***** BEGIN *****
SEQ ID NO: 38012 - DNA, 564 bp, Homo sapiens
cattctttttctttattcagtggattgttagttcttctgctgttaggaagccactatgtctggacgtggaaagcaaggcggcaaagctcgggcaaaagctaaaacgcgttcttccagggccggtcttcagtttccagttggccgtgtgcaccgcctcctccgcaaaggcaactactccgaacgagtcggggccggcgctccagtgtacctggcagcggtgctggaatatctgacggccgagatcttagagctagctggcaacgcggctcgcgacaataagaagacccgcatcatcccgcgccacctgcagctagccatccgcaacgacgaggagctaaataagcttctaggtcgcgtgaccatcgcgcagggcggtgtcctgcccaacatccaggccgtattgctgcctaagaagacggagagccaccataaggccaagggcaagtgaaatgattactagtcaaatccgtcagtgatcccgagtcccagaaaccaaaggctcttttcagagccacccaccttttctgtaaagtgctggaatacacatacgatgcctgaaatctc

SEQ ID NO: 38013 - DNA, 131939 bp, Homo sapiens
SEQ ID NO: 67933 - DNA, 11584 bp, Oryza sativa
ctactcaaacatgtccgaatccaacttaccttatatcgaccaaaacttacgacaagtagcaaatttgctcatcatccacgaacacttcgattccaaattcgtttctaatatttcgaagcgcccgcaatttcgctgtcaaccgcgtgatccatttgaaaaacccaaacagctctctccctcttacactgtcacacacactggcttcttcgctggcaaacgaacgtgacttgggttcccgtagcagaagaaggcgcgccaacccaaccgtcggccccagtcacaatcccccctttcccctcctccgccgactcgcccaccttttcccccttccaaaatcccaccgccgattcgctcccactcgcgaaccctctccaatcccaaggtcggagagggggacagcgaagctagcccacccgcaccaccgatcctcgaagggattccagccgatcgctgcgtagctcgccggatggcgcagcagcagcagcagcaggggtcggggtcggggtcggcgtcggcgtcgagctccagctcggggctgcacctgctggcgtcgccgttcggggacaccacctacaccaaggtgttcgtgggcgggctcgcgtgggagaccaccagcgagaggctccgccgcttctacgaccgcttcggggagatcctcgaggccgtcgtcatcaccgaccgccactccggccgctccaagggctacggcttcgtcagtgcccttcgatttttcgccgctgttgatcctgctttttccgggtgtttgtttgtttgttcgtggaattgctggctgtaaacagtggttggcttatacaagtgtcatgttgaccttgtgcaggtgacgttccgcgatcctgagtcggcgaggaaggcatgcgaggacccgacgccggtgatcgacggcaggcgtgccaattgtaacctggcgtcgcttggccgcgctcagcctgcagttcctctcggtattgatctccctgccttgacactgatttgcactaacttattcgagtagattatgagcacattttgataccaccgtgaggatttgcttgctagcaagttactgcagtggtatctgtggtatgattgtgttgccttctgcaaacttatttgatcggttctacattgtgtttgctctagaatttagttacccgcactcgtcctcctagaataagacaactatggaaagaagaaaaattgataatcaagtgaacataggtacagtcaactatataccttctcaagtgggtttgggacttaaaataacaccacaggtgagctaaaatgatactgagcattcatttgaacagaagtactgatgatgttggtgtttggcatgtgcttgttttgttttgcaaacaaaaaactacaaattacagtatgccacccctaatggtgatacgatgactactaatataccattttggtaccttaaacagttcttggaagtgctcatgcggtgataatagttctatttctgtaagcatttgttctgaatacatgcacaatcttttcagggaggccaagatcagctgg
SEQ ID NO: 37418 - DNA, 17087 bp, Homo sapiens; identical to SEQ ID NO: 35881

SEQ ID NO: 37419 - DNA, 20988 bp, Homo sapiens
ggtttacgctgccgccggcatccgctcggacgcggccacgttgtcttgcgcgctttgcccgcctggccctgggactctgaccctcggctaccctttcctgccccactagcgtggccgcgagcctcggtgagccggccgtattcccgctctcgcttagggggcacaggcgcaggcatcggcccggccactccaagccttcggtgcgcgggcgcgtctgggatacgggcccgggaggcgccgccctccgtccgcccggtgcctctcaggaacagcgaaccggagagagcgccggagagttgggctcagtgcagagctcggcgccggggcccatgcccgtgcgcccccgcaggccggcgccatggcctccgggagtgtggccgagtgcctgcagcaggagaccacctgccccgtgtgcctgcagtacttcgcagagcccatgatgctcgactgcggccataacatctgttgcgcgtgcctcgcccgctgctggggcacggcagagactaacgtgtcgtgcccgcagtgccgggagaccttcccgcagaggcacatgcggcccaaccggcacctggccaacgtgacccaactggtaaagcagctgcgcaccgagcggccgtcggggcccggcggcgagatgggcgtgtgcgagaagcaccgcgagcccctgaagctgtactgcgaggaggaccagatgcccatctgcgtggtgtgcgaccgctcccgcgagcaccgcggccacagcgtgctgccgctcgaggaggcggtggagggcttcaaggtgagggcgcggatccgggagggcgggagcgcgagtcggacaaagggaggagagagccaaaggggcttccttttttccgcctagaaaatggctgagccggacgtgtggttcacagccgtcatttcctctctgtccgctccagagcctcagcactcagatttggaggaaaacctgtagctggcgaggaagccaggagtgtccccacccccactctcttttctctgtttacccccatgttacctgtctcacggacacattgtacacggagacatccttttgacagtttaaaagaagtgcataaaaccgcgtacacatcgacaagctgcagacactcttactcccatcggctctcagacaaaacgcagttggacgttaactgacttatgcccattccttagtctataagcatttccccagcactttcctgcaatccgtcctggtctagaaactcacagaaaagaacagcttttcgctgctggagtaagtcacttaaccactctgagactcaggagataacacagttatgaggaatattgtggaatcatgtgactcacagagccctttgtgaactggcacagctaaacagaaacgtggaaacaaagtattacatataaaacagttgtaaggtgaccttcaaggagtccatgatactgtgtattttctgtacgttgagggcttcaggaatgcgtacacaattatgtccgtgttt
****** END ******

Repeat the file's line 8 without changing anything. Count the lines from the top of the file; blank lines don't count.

ggtttacgctgccgccggcatccgctcggacgcggccacgttgtcttgcgcgctttgcccgcctggccctgggactctgaccctcggctaccctttcctgccccactagcgtggccgcgagcctcggtgagccggccgtattcccgctctcgcttagggggcacaggcgcaggcatcggcccggccactccaagccttcggtgcgcgggcgcgtctgggatacgggcccgggaggcgccgccctccgtccgcccggtgcctctcaggaacagcgaaccggagagagcgccggagagttgggctcagtgcagagctcggcgccggggcccatgcccgtgcgcccccgcaggccggcgccatggcctccgggagtgtggccgagtgcctgcagcaggagaccacctgccccgtgtgcctgcagtacttcgcagagcccatgatgctcgactgcggccataacatctgttgcgcgtgcctcgcccgctgctggggcacggcagagactaacgtgtcgtgcccgcagtgccgggagaccttcccgcagaggcacatgcggcccaaccggcacctggccaacgtgacccaactggtaaagcagctgcgcaccgagcggccgtcggggcccggcggcgagatgggcgtgtgcgagaagcaccgcgagcccctgaagctgtactgcgaggaggaccagatgcccatctgcgtggtgtgcgaccgctcccgcgagcaccgcggccacagcgtgctgccgctcgaggaggcggtggagggcttcaaggtgagggcgcggatccgggagggcgggagcgcgagtcggacaaagggaggagagagccaaaggggcttccttttttccgcctagaaaatggctgagccggacgtgtggttcacagccgtcatttcctctctgtccgctccagagcctcagcactcagatttggaggaaaacctgtagctggcgaggaagccaggagtgtccccacccccactctcttttctctgtttacccccatgttacctgtctcacggacacattgtacacggagacatccttttgacagtttaaaagaagtgcataaaaccgcgtacacatcgacaagctgcagacactcttactcccatcggctctcagacaaaacgcagttggacgttaactgacttatgcccattccttagtctataagcatttccccagcactttcctgcaatccgtcctggtctagaaactcacagaaaagaacagcttttcgctgctggagtaagtcacttaaccactctgagactcaggagataacacagttatgaggaatattgtggaatcatgtgactcacagagccctttgtgaactggcacagctaaacagaaacgtggaaacaaagtattacatataaaacagttgtaaggtgaccttcaaggagtccatgatactgtgtattttctgtacgttgagggcttcaggaatgcgtacacaattatgtccgtgttt